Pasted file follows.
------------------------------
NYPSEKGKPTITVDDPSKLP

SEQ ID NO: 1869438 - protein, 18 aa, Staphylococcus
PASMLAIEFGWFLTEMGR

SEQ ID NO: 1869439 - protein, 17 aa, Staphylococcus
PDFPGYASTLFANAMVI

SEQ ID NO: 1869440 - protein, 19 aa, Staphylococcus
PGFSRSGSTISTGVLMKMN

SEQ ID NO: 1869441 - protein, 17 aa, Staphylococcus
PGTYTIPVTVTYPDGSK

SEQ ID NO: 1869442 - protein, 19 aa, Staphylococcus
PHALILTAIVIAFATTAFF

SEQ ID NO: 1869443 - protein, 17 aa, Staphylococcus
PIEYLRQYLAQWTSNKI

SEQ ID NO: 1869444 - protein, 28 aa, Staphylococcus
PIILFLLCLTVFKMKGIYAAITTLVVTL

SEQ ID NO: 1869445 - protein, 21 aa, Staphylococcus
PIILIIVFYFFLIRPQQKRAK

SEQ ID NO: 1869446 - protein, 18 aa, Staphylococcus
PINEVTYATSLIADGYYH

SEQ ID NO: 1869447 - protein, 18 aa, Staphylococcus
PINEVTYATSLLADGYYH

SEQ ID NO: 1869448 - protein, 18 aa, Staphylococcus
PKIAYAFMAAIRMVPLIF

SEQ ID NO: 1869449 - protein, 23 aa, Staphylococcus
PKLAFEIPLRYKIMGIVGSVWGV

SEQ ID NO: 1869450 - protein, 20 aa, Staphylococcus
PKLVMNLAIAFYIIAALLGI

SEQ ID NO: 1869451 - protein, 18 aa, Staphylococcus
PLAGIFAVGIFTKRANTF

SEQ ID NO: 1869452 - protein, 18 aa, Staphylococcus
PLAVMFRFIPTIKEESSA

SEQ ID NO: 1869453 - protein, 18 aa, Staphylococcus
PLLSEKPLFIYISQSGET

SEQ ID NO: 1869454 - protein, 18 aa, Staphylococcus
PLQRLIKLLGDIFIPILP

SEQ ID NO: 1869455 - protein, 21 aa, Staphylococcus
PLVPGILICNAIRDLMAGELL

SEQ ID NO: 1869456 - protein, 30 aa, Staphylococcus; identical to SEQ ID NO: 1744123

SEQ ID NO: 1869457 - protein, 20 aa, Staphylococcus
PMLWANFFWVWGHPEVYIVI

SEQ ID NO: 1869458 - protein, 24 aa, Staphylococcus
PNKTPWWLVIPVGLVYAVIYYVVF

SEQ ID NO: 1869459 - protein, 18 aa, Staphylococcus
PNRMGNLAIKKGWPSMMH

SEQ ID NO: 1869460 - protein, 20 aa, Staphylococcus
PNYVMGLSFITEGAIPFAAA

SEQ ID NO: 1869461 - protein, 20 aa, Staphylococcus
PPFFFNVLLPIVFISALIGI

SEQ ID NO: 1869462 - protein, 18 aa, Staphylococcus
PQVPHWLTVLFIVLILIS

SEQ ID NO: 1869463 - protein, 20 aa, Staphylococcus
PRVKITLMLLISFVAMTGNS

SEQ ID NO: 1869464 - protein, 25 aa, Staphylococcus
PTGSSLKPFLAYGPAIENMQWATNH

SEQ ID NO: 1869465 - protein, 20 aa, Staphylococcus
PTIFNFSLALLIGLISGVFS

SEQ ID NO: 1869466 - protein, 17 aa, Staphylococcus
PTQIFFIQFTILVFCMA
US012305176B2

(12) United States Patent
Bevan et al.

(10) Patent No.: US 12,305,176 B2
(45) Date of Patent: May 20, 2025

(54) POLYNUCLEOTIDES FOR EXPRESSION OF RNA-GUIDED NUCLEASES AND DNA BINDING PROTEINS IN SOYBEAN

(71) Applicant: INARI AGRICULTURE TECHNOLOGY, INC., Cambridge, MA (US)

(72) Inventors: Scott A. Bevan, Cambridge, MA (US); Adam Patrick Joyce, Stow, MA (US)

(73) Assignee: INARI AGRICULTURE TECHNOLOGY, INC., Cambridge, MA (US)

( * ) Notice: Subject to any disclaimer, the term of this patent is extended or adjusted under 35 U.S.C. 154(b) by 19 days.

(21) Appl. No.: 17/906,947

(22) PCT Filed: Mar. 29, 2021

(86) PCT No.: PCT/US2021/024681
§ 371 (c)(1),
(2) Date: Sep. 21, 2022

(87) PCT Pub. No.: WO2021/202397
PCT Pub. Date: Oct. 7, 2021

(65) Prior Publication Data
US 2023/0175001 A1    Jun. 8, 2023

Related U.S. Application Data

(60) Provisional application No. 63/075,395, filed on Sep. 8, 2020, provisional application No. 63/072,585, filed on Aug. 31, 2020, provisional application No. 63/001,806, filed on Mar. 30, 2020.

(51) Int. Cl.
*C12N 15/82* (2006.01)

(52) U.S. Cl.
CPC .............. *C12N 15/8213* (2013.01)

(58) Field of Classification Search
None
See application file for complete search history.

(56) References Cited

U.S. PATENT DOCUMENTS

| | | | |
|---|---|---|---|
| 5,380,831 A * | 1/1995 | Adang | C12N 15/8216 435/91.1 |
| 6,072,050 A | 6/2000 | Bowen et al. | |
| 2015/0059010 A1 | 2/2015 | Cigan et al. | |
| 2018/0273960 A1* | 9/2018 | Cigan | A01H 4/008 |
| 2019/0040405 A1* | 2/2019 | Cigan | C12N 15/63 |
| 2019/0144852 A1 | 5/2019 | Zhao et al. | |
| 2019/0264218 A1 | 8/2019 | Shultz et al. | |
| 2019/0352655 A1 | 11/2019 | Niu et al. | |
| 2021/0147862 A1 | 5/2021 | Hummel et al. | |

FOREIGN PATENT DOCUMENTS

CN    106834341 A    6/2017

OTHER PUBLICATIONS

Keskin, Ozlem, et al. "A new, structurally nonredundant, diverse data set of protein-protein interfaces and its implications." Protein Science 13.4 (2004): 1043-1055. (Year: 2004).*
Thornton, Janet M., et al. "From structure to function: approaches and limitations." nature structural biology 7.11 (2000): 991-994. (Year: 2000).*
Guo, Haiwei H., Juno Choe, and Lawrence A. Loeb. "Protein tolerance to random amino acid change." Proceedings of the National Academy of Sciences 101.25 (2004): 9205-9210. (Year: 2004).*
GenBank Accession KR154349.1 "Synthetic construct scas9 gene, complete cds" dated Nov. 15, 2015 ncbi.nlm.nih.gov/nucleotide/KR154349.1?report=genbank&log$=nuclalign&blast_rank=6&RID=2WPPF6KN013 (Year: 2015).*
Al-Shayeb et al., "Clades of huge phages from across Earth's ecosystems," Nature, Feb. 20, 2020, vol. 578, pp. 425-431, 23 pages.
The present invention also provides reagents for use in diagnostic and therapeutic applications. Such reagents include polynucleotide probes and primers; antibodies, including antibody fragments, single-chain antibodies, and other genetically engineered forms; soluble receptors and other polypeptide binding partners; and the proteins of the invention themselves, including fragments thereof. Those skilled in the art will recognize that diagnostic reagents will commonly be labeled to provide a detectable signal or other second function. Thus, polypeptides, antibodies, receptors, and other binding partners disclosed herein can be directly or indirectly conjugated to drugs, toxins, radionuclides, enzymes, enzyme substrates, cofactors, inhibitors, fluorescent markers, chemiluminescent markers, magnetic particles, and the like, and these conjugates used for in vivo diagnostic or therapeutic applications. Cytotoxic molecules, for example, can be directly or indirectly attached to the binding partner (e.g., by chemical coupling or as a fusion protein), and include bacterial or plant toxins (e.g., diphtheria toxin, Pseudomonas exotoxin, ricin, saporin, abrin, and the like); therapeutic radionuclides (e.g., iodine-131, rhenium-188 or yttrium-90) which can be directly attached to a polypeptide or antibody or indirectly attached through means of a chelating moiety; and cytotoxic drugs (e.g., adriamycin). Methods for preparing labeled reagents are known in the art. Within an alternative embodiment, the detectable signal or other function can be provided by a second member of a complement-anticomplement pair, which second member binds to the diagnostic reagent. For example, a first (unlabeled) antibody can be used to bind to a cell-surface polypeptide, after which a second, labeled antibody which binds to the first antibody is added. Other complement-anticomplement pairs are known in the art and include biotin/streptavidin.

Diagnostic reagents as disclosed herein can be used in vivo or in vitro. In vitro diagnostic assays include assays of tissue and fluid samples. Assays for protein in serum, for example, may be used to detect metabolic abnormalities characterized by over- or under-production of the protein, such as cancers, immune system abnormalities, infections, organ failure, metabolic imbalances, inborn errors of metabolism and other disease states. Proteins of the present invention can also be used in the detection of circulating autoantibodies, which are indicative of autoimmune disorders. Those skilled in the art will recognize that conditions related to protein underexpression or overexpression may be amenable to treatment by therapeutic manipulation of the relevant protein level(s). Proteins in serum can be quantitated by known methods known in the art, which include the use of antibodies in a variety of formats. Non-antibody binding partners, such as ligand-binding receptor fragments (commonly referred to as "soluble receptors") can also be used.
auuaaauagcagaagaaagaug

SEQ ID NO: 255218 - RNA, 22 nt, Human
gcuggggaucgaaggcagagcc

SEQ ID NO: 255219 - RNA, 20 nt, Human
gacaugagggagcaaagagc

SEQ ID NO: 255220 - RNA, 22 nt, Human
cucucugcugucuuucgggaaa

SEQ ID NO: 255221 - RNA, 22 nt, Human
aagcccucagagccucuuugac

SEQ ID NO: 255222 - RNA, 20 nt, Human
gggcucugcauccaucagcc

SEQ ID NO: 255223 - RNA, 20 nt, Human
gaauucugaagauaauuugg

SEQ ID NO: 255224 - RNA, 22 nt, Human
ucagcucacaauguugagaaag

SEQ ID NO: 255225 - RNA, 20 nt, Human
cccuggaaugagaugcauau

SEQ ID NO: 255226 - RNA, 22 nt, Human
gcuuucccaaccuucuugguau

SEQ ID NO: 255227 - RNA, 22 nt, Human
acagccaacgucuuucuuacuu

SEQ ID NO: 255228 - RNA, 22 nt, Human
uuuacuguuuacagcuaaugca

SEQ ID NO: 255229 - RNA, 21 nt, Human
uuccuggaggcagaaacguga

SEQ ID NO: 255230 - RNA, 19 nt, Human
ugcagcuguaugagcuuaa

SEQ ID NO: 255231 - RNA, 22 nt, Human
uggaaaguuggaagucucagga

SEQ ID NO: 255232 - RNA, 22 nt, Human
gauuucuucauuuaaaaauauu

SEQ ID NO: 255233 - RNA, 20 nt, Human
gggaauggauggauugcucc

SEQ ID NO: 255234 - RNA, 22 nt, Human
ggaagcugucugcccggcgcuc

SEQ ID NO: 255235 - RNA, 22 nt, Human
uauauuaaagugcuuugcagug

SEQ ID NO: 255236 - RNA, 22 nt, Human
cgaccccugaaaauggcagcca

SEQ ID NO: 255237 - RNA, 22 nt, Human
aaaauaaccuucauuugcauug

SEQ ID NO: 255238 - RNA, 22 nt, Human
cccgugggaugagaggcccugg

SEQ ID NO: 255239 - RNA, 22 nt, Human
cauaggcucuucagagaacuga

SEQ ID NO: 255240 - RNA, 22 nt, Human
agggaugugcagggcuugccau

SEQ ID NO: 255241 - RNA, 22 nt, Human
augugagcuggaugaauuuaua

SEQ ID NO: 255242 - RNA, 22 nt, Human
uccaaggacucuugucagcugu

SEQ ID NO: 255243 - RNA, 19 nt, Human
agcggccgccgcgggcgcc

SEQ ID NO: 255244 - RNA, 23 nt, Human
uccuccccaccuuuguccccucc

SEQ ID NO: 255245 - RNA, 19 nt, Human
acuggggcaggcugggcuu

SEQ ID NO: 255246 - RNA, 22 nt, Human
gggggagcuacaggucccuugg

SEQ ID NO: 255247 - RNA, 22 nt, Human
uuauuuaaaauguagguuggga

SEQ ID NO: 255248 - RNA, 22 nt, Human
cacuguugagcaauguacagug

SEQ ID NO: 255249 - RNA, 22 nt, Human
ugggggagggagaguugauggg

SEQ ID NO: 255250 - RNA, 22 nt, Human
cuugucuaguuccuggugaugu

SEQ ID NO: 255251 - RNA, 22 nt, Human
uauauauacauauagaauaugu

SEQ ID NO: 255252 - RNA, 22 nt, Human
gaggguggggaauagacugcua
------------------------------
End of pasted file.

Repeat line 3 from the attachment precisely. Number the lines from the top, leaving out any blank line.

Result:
PASMLAIEFGWFLTEMGR